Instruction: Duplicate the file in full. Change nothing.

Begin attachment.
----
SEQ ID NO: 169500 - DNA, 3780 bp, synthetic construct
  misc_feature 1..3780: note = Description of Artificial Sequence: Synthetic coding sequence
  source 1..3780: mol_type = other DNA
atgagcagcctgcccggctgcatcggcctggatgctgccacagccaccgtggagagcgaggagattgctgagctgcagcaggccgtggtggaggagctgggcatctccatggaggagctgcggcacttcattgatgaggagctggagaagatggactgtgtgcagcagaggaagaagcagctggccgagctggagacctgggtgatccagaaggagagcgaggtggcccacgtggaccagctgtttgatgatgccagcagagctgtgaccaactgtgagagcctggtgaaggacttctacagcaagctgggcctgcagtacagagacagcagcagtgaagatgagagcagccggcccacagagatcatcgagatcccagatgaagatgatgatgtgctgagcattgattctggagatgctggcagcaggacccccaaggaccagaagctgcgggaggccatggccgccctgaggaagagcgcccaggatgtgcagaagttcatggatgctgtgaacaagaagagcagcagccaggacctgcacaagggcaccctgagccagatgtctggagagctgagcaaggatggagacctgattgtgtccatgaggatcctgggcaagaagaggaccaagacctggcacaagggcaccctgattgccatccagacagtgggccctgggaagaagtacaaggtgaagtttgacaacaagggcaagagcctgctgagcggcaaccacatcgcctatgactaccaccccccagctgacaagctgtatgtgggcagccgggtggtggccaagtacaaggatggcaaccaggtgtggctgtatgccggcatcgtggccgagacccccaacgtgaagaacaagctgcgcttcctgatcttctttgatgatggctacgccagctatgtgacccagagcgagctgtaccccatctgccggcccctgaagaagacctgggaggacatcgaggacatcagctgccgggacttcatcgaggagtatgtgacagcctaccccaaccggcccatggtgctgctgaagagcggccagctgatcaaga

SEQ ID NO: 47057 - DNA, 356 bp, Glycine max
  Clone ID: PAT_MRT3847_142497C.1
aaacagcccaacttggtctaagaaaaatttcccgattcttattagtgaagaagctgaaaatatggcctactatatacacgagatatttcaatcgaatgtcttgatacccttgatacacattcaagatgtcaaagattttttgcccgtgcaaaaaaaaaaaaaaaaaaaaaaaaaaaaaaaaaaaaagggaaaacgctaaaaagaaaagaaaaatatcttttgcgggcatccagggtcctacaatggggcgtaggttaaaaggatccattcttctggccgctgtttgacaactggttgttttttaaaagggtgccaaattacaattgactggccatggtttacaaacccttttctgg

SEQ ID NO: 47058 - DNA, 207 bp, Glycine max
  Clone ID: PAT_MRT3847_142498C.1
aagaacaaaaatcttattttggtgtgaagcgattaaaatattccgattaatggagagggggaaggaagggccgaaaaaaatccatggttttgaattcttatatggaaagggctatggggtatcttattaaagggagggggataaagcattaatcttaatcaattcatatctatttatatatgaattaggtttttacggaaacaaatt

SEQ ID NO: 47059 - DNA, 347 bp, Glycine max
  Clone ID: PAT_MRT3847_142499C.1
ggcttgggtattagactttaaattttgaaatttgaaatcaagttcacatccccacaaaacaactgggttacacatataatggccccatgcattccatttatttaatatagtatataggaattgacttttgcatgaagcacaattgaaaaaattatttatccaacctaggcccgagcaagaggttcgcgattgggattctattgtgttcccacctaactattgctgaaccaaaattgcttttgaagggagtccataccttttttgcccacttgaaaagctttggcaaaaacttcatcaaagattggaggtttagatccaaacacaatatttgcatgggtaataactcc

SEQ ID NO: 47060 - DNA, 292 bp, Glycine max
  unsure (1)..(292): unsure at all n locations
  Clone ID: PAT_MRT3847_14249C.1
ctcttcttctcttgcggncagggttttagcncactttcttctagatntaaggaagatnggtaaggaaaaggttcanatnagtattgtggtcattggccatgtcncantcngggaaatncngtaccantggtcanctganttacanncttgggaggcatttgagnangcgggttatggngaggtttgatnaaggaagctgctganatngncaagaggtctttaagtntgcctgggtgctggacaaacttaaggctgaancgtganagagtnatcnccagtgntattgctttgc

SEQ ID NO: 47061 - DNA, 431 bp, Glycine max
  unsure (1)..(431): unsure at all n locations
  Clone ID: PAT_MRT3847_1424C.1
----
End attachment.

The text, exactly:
SEQ ID NO: 169500 - DNA, 3780 bp, synthetic construct
  misc_feature 1..3780: note = Description of Artificial Sequence: Synthetic coding sequence
  source 1..3780: mol_type = other DNA
atgagcagcctgcccggctgcatcggcctggatgctgccacagccaccgtggagagcgaggagattgctgagctgcagcaggccgtggtggaggagctgggcatctccatggaggagctgcggcacttcattgatgaggagctggagaagatggactgtgtgcagcagaggaagaagcagctggccgagctggagacctgggtgatccagaaggagagcgaggtggcccacgtggaccagctgtttgatgatgccagcagagctgtgaccaactgtgagagcctggtgaaggacttctacagcaagctgggcctgcagtacagagacagcagcagtgaagatgagagcagccggcccacagagatcatcgagatcccagatgaagatgatgatgtgctgagcattgattctggagatgctggcagcaggacccccaaggaccagaagctgcgggaggccatggccgccctgaggaagagcgcccaggatgtgcagaagttcatggatgctgtgaacaagaagagcagcagccaggacctgcacaagggcaccctgagccagatgtctggagagctgagcaaggatggagacctgattgtgtccatgaggatcctgggcaagaagaggaccaagacctggcacaagggcaccctgattgccatccagacagtgggccctgggaagaagtacaaggtgaagtttgacaacaagggcaagagcctgctgagcggcaaccacatcgcctatgactaccaccccccagctgacaagctgtatgtgggcagccgggtggtggccaagtacaaggatggcaaccaggtgtggctgtatgccggcatcgtggccgagacccccaacgtgaagaacaagctgcgcttcctgatcttctttgatgatggctacgccagctatgtgacccagagcgagctgtaccccatctgccggcccctgaagaagacctgggaggacatcgaggacatcagctgccgggacttcatcgaggagtatgtgacagcctaccccaaccggcccatggtgctgctgaagagcggccagctgatcaaga

SEQ ID NO: 47057 - DNA, 356 bp, Glycine max
  Clone ID: PAT_MRT3847_142497C.1
aaacagcccaacttggtctaagaaaaatttcccgattcttattagtgaagaagctgaaaatatggcctactatatacacgagatatttcaatcgaatgtcttgatacccttgatacacattcaagatgtcaaagattttttgcccgtgcaaaaaaaaaaaaaaaaaaaaaaaaaaaaaaaaaaaaagggaaaacgctaaaaagaaaagaaaaatatcttttgcgggcatccagggtcctacaatggggcgtaggttaaaaggatccattcttctggccgctgtttgacaactggttgttttttaaaagggtgccaaattacaattgactggccatggtttacaaacccttttctgg

SEQ ID NO: 47058 - DNA, 207 bp, Glycine max
  Clone ID: PAT_MRT3847_142498C.1
aagaacaaaaatcttattttggtgtgaagcgattaaaatattccgattaatggagagggggaaggaagggccgaaaaaaatccatggttttgaattcttatatggaaagggctatggggtatcttattaaagggagggggataaagcattaatcttaatcaattcatatctatttatatatgaattaggtttttacggaaacaaatt

SEQ ID NO: 47059 - DNA, 347 bp, Glycine max
  Clone ID: PAT_MRT3847_142499C.1
ggcttgggtattagactttaaattttgaaatttgaaatcaagttcacatccccacaaaacaactgggttacacatataatggccccatgcattccatttatttaatatagtatataggaattgacttttgcatgaagcacaattgaaaaaattatttatccaacctaggcccgagcaagaggttcgcgattgggattctattgtgttcccacctaactattgctgaaccaaaattgcttttgaagggagtccataccttttttgcccacttgaaaagctttggcaaaaacttcatcaaagattggaggtttagatccaaacacaatatttgcatgggtaataactcc

SEQ ID NO: 47060 - DNA, 292 bp, Glycine max
  unsure (1)..(292): unsure at all n locations
  Clone ID: PAT_MRT3847_14249C.1
ctcttcttctcttgcggncagggttttagcncactttcttctagatntaaggaagatnggtaaggaaaaggttcanatnagtattgtggtcattggccatgtcncantcngggaaatncngtaccantggtcanctganttacanncttgggaggcatttgagnangcgggttatggngaggtttgatnaaggaagctgctganatngncaagaggtctttaagtntgcctgggtgctggacaaacttaaggctgaancgtganagagtnatcnccagtgntattgctttgc

SEQ ID NO: 47061 - DNA, 431 bp, Glycine max
  unsure (1)..(431): unsure at all n locations
  Clone ID: PAT_MRT3847_1424C.1